If you’ve got a good design and development process in place, you should be constantly getting out of your head and into the user’s.
That means creating detailed user personas, conducting surveys, mapping out user journeys, and so on.
However, it’s not until you’ve got a working prototype–or even a live website or app–that you can discover exactly how your users will interact with your product.
Enter: user testing tools. These platforms allow you to record sample users as they either move freely through your product or complete a task (depending on how you set up the test). Many tools will not only grab screenshots but audio as well, giving you the chance to hear your participants’ reactions as they think out loud.
What are the most important qualities when selecting these tools? Great question.
Participant flexibility: Many tools will provide testing panels for you. While that’s very convenient, it means that you’ll have a bunch of “experienced testers”–who are primed to focus in on specific aspects of the UX. To keep your results accurate, your program should let you add some or all of the participants.
Task choice: Choosing the wrong tasks is the most common reason user testing fails. It’s crucial that your tool allows you to develop your own tasks.
Speed: When you’re working in an iterative, fast-paced environment, you can’t wait days or even weeks for the results to come in.
Price, device support, and advanced feedback options (like webcam recordings) should also factor into your decision, depending on your team’s needs and budget.
Now that we’ve discussed what matters, let’s take a look at some great options.
If you’re looking for a quick, easy solution, TryMyUI is a good pick. Its classic option is the standalone user test with three components: screencaps, audio recordings, and a post-interaction questionnaire. TryMyUI also offers quantitative analytics, using tester feedback to develop system and task usability scores.
With a Team or Agency account, you can provide your own users. However, if you’re paying by the test, TryMyUi supplies participants, who the company recruits online. You can limit the tester pool by gender, age, annual income, computer expertise, country or residence, education level, family status, social network usage, and employment type.
In addition, the platform allows you to create custom criteria, like “Must own a dog,” or “Must work from home.”
Once your test is complete, TryMyUi delivers your results within an hour.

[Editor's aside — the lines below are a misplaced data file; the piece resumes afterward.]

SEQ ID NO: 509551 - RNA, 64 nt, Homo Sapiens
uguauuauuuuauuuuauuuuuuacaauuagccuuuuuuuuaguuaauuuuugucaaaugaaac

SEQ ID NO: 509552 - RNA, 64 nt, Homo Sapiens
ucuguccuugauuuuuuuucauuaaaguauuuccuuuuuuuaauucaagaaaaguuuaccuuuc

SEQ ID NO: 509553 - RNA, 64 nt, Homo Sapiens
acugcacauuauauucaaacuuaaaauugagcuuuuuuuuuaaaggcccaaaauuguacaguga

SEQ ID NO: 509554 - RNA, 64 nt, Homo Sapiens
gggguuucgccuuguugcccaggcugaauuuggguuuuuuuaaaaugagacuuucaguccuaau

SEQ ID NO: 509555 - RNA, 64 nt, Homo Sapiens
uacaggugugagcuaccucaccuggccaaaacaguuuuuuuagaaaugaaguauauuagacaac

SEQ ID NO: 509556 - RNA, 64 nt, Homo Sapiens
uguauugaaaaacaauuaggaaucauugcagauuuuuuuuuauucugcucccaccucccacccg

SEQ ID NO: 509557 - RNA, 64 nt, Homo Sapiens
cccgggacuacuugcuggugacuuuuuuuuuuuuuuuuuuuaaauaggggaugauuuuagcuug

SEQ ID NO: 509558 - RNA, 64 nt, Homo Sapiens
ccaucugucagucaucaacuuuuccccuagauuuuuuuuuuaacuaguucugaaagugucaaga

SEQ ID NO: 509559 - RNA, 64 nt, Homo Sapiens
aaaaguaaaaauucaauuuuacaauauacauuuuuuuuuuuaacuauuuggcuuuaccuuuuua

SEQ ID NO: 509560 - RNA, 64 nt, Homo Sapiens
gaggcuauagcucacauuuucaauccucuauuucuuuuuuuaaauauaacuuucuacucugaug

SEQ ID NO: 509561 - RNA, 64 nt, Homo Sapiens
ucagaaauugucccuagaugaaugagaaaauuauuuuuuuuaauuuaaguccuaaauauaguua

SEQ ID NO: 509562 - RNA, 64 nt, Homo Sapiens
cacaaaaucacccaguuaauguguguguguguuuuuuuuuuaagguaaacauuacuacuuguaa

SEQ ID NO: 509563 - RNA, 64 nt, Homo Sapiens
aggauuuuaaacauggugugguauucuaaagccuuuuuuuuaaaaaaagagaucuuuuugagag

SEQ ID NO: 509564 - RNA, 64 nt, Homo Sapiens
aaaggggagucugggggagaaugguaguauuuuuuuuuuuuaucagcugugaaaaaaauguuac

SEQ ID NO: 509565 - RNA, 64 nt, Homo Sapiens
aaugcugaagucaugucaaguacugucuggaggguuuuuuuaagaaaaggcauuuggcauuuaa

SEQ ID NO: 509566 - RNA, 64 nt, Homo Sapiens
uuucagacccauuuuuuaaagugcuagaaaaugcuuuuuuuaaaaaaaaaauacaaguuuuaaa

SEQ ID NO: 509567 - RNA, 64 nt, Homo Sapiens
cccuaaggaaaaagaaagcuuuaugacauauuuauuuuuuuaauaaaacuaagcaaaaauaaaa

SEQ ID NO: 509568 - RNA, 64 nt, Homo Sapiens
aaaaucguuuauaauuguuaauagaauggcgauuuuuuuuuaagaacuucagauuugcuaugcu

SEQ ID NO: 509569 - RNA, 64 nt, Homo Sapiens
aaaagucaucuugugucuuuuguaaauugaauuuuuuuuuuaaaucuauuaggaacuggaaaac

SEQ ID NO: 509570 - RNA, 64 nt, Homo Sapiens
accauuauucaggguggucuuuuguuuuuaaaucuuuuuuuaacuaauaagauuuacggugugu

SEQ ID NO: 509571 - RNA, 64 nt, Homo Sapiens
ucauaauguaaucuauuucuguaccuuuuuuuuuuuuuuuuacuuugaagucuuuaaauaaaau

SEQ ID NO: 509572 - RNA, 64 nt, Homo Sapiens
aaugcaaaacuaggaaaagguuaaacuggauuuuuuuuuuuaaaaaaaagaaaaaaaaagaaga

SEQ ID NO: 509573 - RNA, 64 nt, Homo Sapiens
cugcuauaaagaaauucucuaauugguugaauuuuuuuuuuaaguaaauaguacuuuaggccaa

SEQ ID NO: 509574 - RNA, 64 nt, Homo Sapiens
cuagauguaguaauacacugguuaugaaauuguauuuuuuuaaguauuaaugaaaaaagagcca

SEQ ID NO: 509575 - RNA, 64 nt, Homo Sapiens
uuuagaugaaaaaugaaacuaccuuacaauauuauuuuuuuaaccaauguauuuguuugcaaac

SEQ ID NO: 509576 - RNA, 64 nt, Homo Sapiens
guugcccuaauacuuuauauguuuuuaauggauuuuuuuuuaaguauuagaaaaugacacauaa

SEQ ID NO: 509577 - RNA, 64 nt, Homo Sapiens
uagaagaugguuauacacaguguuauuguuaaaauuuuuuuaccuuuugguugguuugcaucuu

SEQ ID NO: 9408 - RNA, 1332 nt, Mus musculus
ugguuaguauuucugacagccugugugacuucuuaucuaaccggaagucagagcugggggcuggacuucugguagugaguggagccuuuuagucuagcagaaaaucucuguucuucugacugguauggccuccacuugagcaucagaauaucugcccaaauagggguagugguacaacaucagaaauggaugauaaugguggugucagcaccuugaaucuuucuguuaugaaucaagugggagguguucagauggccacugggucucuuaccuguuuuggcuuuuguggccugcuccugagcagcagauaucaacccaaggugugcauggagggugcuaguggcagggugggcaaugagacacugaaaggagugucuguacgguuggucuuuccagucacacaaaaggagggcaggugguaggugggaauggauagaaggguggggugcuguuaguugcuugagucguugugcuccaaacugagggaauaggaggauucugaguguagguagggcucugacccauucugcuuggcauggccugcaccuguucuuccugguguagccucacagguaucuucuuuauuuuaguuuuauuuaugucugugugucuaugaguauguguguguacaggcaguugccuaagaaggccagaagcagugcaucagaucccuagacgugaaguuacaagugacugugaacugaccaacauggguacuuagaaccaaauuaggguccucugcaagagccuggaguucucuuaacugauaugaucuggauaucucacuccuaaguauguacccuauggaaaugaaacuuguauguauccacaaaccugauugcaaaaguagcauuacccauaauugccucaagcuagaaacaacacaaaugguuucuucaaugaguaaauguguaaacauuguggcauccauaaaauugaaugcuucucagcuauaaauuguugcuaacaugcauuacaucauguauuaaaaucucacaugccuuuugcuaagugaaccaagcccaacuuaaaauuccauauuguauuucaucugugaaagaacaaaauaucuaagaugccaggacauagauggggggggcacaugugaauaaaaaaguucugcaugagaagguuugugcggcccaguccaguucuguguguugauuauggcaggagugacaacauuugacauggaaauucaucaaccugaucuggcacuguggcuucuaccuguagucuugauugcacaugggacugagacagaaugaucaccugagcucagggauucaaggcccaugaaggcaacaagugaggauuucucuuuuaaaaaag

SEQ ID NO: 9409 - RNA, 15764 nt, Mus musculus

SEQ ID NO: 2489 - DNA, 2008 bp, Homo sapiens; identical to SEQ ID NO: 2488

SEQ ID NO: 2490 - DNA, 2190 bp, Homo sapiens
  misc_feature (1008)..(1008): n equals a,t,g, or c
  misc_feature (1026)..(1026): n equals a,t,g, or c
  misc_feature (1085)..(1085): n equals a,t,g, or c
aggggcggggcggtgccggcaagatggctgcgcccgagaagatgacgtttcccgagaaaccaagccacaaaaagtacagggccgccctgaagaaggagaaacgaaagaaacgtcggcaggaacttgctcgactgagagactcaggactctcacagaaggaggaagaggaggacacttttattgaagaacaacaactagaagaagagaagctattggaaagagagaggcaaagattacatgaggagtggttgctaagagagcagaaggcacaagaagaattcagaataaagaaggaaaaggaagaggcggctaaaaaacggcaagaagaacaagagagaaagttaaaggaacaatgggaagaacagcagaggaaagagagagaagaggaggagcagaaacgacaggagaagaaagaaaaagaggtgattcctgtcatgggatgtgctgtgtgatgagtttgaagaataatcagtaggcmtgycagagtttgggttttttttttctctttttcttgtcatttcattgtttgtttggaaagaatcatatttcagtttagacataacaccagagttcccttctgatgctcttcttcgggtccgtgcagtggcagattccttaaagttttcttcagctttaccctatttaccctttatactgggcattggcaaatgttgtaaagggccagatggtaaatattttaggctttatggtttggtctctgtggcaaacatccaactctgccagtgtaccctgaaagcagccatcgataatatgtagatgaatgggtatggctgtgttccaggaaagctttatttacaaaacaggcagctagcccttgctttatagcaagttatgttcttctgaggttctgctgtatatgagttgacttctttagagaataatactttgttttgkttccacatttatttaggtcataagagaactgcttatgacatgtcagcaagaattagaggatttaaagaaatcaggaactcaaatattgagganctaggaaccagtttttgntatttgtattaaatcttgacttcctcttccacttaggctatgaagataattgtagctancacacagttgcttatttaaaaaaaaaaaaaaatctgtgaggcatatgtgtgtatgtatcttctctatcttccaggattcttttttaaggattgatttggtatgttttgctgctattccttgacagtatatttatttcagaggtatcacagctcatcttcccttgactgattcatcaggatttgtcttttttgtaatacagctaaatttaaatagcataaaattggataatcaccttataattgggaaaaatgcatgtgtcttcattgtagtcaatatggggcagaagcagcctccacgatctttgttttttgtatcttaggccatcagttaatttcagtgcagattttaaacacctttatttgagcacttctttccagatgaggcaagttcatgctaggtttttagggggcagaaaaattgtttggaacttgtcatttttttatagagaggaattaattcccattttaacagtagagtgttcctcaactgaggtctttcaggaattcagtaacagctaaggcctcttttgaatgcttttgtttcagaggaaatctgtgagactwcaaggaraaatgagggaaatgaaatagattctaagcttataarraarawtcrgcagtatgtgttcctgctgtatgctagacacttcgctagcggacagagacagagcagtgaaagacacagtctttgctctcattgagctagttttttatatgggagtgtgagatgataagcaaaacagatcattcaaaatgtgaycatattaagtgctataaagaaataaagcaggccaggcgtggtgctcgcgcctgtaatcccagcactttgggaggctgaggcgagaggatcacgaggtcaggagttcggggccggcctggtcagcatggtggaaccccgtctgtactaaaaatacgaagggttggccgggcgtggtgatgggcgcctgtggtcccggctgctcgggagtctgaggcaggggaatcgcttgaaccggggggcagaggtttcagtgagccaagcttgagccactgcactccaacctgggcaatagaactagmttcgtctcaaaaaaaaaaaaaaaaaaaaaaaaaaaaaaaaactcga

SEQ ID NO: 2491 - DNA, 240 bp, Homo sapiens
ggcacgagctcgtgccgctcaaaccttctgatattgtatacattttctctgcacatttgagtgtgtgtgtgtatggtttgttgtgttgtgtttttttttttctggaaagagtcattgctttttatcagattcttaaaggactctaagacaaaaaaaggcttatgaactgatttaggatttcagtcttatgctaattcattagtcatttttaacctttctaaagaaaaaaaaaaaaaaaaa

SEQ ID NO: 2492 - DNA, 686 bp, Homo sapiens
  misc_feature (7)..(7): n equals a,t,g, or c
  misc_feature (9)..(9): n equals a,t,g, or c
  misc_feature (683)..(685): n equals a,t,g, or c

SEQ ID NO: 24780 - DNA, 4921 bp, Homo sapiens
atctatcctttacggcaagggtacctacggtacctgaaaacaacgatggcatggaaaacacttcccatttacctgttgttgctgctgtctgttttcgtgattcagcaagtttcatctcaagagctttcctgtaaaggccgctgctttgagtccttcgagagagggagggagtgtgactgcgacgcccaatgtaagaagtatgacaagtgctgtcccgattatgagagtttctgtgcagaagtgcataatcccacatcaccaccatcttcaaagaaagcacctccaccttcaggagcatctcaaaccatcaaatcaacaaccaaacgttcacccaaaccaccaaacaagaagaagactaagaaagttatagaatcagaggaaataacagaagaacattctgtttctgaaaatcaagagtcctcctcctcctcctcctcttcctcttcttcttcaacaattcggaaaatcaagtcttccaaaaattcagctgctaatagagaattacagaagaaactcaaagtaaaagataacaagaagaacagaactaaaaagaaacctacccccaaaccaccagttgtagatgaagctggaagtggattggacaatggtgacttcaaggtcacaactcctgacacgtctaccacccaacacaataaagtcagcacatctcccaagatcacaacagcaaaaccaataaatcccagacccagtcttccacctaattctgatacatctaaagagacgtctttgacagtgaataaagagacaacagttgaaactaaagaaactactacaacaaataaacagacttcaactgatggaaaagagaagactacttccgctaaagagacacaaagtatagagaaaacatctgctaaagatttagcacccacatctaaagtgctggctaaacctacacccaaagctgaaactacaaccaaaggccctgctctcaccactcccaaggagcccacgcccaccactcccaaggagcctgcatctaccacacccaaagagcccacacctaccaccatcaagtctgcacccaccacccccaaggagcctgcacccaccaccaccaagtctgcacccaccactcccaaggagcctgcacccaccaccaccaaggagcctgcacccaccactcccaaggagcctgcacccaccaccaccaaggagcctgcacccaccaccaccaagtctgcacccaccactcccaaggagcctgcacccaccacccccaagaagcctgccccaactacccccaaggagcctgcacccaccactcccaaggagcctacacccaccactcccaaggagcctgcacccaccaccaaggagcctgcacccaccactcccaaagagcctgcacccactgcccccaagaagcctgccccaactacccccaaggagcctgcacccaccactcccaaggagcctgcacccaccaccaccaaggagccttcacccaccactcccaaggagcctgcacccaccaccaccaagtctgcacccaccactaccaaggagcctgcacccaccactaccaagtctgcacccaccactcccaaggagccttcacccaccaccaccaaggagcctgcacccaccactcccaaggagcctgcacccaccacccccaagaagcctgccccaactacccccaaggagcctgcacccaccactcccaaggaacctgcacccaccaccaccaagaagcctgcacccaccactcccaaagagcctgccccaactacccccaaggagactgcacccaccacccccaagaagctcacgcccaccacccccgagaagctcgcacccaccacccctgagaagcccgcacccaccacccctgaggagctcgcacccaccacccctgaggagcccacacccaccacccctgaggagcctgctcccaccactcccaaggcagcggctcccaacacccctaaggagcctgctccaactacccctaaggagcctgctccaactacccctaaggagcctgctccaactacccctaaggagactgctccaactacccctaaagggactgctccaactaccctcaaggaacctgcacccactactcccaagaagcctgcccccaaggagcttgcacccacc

Oh, and if you’re testing an app, this tool works with iPhones, iPads, Android phones, and Android tablets. Not only will it keep track of interactions (like swipes and taps) along with the user’s screen video, but you can even tap into the phone’s front camera to see his or her facial expressions.
Price: $35/test; $299/month for Team account (10 tests per month); custom Enterprise plans (100 tests per month).
This platform is a fairly new entrant to the remote user testing scene. Besides the standard screen and audio-recording, Validately also offers you the opportunity to talk with your users in real time. Let’s say you’re watching a user swipe through your ecommerce site. You notice that, rather than clicking the “brands” button, the person uses the search box to look for a specific brand. With Validately’s discussion feature, you can quickly figure out their rationale–giving you invaluable insights.
When it comes to what you’re testing, this tool gives you lots of options. Live websites, mock html, images, or prototypes (Invision, Axure, Marvel or Validately’s native prototyping tool) are all supported.
For an extra $10 to $50 per test, you can use Validately’s user panel. But you’ll probably want to use your own users, which you can do by sharing a custom test link.
Price: $39/month (1 test); $79/month (3 concurrent tests); $199/month (10 concurrent tests); custom enterprise plans available.
Technically, Loop11 is a survey tool. Rather than using HTML code or downloadable programs, you simply provide the program with URLs and create test tasks.
For example, if you’re testing how easy it is for customers to find your pricing, you’d set the “start” URL as your homepage and the “success” URL as your pricing page.
Note that the URL-based structure means you can analyze your competitors’ sites as well as your own.